EMS & PTSD: Behind the Mask – Battleworn

So I have come to the realization that, at this moment in time, I am fairly unstable. I'm writing this, sitting in an ambulance, unable to utter these words out loud to my partner. When I started counseling again, the therapist told me it would get worse before it got better. And it has gotten worse. Talking about things has brought the emotions to the surface. And processing is so slow. PTSD is a fickle animal, and when you approach it and try to tame it, it often fights back. Overall anxiety is increased. I don't want to be around people. I'm increasingly afraid of my boyfriend, even though he's the most amazing supportive man ever. I'm more numb to others emotions. I'm unable to empathize with my patients as much. I'm snappy with my partners at work, and hide behind books because I can't interact anymore. Yet I have no choice but to keep fighting. That's the only way to victory. But last night, I had nightmare after nightmare. And that's how my nights have been for the last couple weeks. Drowning in repeat performances of various "traumas" I've suffered, throughout my existence. Waking disoriented and fearful, just to fall asleep into the same relentless torment. A few days ago my boyfriend got mad at me. He didn't yell. He didn't hit me. But it still hurt. It hurt so much my stupid brain jumped to, "You are never going to make anyone happy. So can we just die now? Here's a few ways to go." I told my brain to shut up. Seriously who the hell thinks about suicide just because someone got mad at them!? ...Me apparently. (No I won't. So it's okay.) Last week was hard. 9/11 is always an emotional day for me, as I'm sure it is for many of you. The same day, my partner and I were delayed transferring a patient to the memory care facility for 45 mins because his bed wasn't ready. I was trapped by shells of human beings, wandering, searching, and wailing for the comfort they couldn't find. I could feel the anxiety ratcheting up with each passing moment. I felt their fear and worry and pain wash over me in waves, slowly starting to drown me. I kept my back to the wall, and swallowed back my own panic, nervously eyeing each wandering resident. After some time I could no longer stand the environment. I was either going to start crying or screaming, as their panic fed my own. I escaped into a room next door of the loudest resident. She yowled and whimpered unintelligibly, searching the room with glazed eyes. I knelt on the floor and grasped her hand and spoke to her, as I would a frightened horse, until she calmed. I remained with her until, finally we were able to transfer our patient, and I was able to escape that hellish place. But the damage was done. My own nerves worn raw by the experience, I struggled to cope for the remainder of my shift. I stopped for a slushie and chocolate bar to comfort me, and I stood in line with many strangers waiting to pay. I fought back tears as panic and emotion threatened to overwhelm me. They saw a thin, young, capable Paramedic, fighting tears. And I was beyond their understanding, past their comprehension. I was in unimaginable pain. And I desperately wanted someone to reach out and offer to hold me. Someone to put a hand on my shoulder and ask me what was wrong. Someone to just help ease the burden I was carrying. No one did. Instead, I paid and went back to truck and tried to focus on how cold and delicious my comfort food was. Now I am so tired. I'm tired of fighting. Tired of struggling. Tired of being so very afraid and angry. And I recognize that right now, I'm not really ok. But I will live. I will love. I will continue to BE loved. And so I will fight. Even though I'm tired, and this sword and sheild are heavy, I'll keep wielding them. Because I've glimpsed the light and the end of this tunnel. And it's beautiful and peaceful and full of love and joy and comfort. That is worth fighting for.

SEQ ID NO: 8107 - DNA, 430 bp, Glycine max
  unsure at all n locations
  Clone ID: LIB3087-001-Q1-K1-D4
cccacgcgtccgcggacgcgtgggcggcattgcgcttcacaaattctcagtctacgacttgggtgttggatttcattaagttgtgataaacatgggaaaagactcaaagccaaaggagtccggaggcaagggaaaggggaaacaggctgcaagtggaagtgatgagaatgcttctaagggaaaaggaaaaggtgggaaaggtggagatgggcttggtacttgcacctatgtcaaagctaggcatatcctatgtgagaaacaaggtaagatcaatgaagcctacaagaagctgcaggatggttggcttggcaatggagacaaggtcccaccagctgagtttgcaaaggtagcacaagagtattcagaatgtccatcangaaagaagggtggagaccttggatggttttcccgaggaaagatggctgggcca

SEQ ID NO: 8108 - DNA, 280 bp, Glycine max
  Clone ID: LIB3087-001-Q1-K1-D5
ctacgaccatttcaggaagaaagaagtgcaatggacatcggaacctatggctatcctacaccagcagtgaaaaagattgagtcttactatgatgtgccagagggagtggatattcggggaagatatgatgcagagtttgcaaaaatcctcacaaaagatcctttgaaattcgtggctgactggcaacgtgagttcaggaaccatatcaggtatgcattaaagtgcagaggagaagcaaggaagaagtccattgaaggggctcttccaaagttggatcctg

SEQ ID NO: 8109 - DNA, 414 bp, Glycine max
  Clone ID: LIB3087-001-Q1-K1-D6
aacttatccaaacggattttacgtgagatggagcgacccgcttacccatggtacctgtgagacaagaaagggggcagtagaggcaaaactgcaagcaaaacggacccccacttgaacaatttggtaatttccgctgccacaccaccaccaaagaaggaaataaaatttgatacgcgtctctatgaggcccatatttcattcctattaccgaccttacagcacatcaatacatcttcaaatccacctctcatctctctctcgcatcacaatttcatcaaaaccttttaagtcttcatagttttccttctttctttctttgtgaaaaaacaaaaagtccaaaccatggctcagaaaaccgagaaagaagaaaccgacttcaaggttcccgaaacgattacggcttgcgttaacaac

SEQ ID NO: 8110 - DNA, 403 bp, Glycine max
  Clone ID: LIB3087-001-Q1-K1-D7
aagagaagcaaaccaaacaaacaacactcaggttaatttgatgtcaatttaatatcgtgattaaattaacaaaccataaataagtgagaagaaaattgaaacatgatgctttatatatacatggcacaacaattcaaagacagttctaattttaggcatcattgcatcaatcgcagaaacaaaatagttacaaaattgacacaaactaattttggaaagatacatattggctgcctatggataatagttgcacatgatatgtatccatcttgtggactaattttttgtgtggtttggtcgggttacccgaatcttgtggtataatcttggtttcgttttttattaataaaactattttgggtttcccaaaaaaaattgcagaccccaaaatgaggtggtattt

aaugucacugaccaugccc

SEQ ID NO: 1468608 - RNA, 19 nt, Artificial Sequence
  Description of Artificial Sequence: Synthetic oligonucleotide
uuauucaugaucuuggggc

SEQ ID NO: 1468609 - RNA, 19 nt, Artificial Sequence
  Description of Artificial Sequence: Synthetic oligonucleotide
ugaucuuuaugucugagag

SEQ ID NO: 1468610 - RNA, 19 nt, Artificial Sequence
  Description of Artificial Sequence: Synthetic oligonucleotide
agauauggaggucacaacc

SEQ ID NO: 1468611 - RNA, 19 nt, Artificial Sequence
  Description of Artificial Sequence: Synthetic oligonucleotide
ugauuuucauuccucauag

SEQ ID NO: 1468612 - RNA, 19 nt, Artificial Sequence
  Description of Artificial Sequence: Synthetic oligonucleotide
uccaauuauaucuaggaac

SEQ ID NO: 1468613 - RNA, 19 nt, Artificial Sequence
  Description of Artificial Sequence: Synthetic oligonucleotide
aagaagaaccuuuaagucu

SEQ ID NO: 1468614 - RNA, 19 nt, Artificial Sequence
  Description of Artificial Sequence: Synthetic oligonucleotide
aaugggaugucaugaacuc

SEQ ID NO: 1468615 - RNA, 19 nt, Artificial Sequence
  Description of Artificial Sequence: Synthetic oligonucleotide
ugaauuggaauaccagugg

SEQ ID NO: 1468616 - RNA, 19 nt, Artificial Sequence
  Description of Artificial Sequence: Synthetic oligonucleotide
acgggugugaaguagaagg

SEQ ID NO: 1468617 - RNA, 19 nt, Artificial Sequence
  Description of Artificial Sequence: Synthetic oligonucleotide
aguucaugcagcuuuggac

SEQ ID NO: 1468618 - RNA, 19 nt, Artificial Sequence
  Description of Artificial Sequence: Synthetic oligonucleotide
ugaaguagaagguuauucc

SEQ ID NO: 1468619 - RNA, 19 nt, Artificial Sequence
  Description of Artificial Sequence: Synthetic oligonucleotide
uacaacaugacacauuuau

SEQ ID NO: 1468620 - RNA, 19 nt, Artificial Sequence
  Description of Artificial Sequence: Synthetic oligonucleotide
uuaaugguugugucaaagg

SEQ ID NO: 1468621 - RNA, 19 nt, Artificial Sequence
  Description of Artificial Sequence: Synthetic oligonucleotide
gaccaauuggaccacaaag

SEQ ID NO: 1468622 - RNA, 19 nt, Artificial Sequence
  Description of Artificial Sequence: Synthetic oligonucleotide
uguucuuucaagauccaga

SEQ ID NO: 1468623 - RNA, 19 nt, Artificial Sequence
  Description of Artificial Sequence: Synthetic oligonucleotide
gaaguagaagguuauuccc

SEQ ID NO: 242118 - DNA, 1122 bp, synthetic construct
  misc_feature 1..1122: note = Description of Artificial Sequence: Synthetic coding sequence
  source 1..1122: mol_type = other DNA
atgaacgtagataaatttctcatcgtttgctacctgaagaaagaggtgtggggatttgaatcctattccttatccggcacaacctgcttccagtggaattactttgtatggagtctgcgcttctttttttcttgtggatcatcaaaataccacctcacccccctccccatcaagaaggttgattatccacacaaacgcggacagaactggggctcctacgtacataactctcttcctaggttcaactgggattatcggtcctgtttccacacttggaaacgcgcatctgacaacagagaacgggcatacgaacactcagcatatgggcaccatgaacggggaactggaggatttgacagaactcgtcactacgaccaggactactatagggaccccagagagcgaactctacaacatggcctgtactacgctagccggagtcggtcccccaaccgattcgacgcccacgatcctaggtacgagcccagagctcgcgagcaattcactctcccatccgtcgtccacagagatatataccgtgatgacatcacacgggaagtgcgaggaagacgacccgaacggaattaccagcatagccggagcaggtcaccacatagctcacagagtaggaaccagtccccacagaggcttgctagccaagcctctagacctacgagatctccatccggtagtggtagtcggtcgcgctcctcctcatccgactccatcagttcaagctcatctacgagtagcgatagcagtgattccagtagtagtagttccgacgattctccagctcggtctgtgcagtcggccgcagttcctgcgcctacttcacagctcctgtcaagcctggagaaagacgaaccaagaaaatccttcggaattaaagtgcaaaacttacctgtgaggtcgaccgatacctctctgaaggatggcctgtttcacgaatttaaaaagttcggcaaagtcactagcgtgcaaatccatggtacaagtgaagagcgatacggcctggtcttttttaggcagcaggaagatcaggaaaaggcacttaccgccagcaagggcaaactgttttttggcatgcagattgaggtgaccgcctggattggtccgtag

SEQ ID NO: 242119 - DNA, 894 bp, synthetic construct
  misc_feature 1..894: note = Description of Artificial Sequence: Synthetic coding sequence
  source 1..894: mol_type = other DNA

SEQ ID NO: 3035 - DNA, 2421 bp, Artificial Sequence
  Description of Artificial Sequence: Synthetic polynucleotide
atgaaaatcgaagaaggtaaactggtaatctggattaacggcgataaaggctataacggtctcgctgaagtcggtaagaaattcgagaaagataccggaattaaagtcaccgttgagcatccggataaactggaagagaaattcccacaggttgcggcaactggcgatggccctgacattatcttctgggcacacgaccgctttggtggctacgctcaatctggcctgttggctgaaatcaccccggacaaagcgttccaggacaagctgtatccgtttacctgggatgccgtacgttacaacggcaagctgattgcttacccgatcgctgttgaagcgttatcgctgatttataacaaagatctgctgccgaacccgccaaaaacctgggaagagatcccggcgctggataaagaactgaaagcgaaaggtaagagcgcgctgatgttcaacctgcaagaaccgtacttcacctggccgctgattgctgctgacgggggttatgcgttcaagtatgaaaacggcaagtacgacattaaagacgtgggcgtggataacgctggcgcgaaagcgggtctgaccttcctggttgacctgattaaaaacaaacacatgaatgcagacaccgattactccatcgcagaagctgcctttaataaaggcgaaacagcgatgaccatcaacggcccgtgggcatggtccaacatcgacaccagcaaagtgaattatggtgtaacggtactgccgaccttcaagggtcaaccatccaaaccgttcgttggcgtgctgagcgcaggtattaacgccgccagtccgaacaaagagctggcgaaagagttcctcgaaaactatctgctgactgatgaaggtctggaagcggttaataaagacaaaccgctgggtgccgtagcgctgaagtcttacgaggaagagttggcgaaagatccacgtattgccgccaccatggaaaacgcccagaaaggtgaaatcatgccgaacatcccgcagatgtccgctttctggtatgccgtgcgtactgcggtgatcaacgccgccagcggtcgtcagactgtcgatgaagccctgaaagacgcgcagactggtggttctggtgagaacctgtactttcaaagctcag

-Doc Reaper

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